Logistic Regression as a method of classification problem
Some examples of Classification Problem :
- Spam Emails versus not Spam Emails
- Loan Default (Yes/No)
- Disease Diagnose
All the above examples are of Binary Classification.
Logistic regression will allow us to solve Classification Problem where we will be working with Discrete Categories.
Logistic Regression for Binary Classification
The convention for binary classification is to have two classes 0 and 1.
- Logistic Regression outputs probabilities
- If the probability 'P' is greater than 0.5 : The data is labelled to 1.
- If the probability 'P' is less than 0.5 : The data is labelled to 0.
By default , Logistic Regression probability threshold is 0.5 .
class sklearn.linear_model.LogisticRegression(penalty=’l2’, dual=False, tol=0.0001, C=1.0, fit_intercept=True, intercept_scaling=1, class_weight=None, random_state=None, solver=’warn’, max_iter=100, multi_class=’warn’, verbose=0, warm_start=False, n_jobs=None, l1_ratio=None)
Regularization Parameter : C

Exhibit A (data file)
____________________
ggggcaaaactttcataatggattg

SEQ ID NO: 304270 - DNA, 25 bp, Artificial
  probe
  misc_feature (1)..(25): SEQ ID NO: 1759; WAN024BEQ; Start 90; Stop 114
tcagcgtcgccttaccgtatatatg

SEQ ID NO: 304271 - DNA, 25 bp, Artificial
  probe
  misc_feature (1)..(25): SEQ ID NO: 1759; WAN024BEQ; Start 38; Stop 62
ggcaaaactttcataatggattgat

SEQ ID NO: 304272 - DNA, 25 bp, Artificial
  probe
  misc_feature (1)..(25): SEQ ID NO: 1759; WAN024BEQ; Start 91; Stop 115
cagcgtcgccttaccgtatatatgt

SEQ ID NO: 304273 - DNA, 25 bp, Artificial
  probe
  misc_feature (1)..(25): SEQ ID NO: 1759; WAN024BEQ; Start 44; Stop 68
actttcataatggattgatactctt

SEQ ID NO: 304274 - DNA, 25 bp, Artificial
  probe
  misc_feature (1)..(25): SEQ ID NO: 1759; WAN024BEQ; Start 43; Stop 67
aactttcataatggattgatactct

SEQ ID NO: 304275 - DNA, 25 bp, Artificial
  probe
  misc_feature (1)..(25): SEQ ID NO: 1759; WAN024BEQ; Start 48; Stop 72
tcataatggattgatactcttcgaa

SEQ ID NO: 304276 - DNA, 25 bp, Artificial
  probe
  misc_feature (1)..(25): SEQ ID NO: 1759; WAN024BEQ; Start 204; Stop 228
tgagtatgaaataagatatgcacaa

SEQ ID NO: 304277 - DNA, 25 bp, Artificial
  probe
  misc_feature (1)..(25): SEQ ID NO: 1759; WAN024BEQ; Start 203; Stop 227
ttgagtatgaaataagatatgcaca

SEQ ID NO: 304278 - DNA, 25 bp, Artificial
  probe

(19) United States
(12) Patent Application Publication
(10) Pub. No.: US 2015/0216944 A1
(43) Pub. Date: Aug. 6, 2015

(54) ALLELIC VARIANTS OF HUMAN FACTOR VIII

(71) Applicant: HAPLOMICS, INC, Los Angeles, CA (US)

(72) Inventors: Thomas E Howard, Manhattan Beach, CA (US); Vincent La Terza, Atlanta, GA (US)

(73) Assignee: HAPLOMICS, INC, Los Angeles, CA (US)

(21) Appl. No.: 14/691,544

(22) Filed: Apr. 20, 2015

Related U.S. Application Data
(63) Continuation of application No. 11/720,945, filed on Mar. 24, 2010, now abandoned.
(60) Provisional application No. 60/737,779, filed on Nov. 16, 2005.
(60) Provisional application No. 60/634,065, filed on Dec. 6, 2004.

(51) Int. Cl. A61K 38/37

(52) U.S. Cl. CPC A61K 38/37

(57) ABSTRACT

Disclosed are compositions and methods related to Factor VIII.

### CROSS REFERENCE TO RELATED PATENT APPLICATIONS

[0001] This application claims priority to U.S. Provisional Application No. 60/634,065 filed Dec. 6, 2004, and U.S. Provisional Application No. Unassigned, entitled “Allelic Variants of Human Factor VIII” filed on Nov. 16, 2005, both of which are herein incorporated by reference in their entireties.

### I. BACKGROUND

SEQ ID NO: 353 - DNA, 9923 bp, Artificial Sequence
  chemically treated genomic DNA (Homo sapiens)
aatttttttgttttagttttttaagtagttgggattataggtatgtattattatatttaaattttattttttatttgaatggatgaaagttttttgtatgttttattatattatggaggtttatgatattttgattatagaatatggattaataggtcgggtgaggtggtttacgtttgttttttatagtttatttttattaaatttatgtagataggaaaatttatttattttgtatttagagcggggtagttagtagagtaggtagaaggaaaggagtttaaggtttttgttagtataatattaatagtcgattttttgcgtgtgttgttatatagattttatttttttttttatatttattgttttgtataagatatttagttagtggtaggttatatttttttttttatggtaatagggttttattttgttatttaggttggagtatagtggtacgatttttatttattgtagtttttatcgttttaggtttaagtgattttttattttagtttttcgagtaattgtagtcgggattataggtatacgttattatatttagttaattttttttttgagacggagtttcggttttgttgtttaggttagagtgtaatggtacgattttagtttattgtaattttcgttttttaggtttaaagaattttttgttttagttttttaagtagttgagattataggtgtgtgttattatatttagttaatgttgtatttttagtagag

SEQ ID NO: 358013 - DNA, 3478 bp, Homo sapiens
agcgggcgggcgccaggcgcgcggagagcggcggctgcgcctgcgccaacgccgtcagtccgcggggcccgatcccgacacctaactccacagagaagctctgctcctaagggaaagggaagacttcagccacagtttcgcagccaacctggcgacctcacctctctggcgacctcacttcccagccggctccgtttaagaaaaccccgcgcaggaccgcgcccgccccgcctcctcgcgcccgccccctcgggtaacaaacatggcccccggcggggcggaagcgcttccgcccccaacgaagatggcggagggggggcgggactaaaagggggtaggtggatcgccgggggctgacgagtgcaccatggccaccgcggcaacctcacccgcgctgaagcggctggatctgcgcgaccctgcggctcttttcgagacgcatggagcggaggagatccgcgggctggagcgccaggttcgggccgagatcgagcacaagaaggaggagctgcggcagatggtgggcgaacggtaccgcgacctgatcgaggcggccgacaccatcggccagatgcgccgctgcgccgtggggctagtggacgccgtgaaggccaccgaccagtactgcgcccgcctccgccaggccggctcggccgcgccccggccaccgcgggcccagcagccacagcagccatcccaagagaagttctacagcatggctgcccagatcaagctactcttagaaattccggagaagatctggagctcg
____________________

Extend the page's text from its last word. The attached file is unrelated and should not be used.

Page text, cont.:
C controls the inverse of the regularization strength.
- Large C can lead to overfit a model
- Small C can lead to underfit a model
In addition to C, logistic regression has a 'penalty' hyperparameter which specifies whether to use 'L1' or 'L2' regularization.
Using Logistic Regression Model instead of Linear regression model
- We can't use a normal linear regression model on different binary groups. It won't lead to a good fit.
- Instead we can transform our linear regression to logistic regression curve.
The sigmoid function( also called Logistic Function) take in any value and outputs it between 0 and 1.
We can take our linear regression solution and can place it into a sigmoid function.
This results in a probability from 0 to 1 belonging in the 1 class.
We can set the cutoff point at 0.5, anything below it will be labeled as class 0 and above it to class 1.
So, we use the logistic function to output a value ranging from 0 to 1. Based off of this probability we assign a class.
After you trained a logistic regression model on some training data, you will evaluate your model's performance on some test data.
You can use a confusion matrix to evaluate classification models.
For example, Imagine testing for diseases
Ex : Test for presence of diseases
NO = Negative Test = False = 0
Yes = Positive Test = True = 1
- True Positive (TP)
- True Negatives(TN)
- False Positives(FP)
- False Negatives(FN)
- Overall, how often it is correct ?
- Accuracy = (TP+TN)/Total = 150/165=0.91
Missclassification Rate(Error Rate):
- Overall, how often it is wrong ?
- Error = (FP+FN)/Total = 15/165 = 0.09
We define two errors in confusion matrix :
- Type I error (False Positive)
- Type II error(False Negative)
Find the code here